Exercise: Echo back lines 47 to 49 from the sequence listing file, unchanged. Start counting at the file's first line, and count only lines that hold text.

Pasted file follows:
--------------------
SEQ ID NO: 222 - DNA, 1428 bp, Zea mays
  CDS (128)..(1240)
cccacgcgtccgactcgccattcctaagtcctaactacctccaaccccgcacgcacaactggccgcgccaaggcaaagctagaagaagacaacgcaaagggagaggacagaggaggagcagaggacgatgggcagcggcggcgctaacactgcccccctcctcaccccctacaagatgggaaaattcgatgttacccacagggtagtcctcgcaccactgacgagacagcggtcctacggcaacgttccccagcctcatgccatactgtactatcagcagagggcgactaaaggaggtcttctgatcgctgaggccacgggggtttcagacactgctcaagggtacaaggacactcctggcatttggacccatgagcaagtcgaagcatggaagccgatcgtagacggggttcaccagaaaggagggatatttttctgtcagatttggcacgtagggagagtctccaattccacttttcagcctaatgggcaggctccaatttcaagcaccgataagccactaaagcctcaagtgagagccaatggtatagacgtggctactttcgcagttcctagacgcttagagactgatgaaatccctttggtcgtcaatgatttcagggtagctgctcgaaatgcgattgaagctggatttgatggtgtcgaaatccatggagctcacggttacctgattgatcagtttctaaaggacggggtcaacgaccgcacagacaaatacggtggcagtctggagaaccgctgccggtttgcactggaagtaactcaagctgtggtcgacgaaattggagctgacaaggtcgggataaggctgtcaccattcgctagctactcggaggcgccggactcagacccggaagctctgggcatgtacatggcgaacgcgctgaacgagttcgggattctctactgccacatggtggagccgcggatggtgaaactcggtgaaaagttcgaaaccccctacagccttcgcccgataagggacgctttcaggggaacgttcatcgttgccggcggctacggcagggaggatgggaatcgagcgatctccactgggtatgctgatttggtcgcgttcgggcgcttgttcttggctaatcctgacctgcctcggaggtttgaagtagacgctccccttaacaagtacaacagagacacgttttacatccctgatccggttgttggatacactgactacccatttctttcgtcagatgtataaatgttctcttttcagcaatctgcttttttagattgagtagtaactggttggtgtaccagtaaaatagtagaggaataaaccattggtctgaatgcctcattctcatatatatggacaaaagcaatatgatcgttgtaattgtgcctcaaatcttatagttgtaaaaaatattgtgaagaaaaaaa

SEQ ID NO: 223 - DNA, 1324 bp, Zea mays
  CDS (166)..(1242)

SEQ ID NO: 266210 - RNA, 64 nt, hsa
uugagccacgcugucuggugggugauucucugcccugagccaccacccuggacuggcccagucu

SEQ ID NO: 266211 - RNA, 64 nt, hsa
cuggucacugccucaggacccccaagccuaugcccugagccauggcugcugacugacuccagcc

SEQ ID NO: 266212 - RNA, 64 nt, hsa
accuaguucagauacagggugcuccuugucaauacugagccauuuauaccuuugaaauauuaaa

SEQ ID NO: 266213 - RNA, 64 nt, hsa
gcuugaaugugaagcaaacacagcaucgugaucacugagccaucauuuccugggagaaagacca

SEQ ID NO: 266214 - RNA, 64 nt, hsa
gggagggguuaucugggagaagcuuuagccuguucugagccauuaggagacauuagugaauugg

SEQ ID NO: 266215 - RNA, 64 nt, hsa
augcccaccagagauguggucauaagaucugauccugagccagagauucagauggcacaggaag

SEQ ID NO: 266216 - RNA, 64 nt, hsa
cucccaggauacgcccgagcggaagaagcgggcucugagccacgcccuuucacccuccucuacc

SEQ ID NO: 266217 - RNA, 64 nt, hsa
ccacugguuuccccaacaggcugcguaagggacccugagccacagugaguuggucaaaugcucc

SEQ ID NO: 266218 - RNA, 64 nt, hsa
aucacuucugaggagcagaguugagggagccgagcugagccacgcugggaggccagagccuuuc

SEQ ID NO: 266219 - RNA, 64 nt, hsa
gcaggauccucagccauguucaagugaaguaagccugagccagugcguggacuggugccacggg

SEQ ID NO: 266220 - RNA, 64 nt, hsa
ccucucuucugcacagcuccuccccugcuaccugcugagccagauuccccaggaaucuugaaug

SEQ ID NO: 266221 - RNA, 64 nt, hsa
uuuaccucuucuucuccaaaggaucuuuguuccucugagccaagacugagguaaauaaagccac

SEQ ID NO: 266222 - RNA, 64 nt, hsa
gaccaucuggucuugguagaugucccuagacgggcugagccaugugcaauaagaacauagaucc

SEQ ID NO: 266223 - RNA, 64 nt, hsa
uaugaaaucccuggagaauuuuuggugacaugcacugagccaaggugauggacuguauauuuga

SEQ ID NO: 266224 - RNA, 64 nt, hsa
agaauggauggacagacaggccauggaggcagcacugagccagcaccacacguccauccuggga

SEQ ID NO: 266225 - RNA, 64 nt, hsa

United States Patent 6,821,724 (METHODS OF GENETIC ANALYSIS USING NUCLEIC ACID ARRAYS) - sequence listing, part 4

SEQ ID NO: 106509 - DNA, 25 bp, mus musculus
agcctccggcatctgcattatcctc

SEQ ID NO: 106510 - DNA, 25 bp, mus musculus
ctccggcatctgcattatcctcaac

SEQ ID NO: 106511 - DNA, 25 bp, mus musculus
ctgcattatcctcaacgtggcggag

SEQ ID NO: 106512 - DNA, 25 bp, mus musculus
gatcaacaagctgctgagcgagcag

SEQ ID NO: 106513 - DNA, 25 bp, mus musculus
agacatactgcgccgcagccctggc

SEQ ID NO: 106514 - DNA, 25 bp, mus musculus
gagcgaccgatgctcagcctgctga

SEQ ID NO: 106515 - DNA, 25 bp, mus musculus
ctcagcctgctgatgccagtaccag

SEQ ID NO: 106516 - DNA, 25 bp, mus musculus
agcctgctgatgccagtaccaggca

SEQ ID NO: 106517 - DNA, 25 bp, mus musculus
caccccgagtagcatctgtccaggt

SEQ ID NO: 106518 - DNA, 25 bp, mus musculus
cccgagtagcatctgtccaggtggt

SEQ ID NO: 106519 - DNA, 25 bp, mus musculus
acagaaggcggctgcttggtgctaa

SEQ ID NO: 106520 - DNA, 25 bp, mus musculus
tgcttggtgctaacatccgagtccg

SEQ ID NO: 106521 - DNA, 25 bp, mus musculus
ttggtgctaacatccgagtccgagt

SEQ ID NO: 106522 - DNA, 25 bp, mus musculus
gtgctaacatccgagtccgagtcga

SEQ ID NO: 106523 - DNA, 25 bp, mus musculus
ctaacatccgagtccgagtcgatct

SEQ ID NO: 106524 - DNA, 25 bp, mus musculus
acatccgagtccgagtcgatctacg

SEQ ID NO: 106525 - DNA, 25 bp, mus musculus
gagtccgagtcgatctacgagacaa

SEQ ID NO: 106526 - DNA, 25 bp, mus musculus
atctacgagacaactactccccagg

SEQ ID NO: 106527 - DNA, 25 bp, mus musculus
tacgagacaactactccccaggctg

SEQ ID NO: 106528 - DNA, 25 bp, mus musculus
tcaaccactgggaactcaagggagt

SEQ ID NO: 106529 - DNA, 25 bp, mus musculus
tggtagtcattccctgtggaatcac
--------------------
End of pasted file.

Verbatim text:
agacatactgcgccgcagccctggc

SEQ ID NO: 106514 - DNA, 25 bp, mus musculus
gagcgaccgatgctcagcctgctga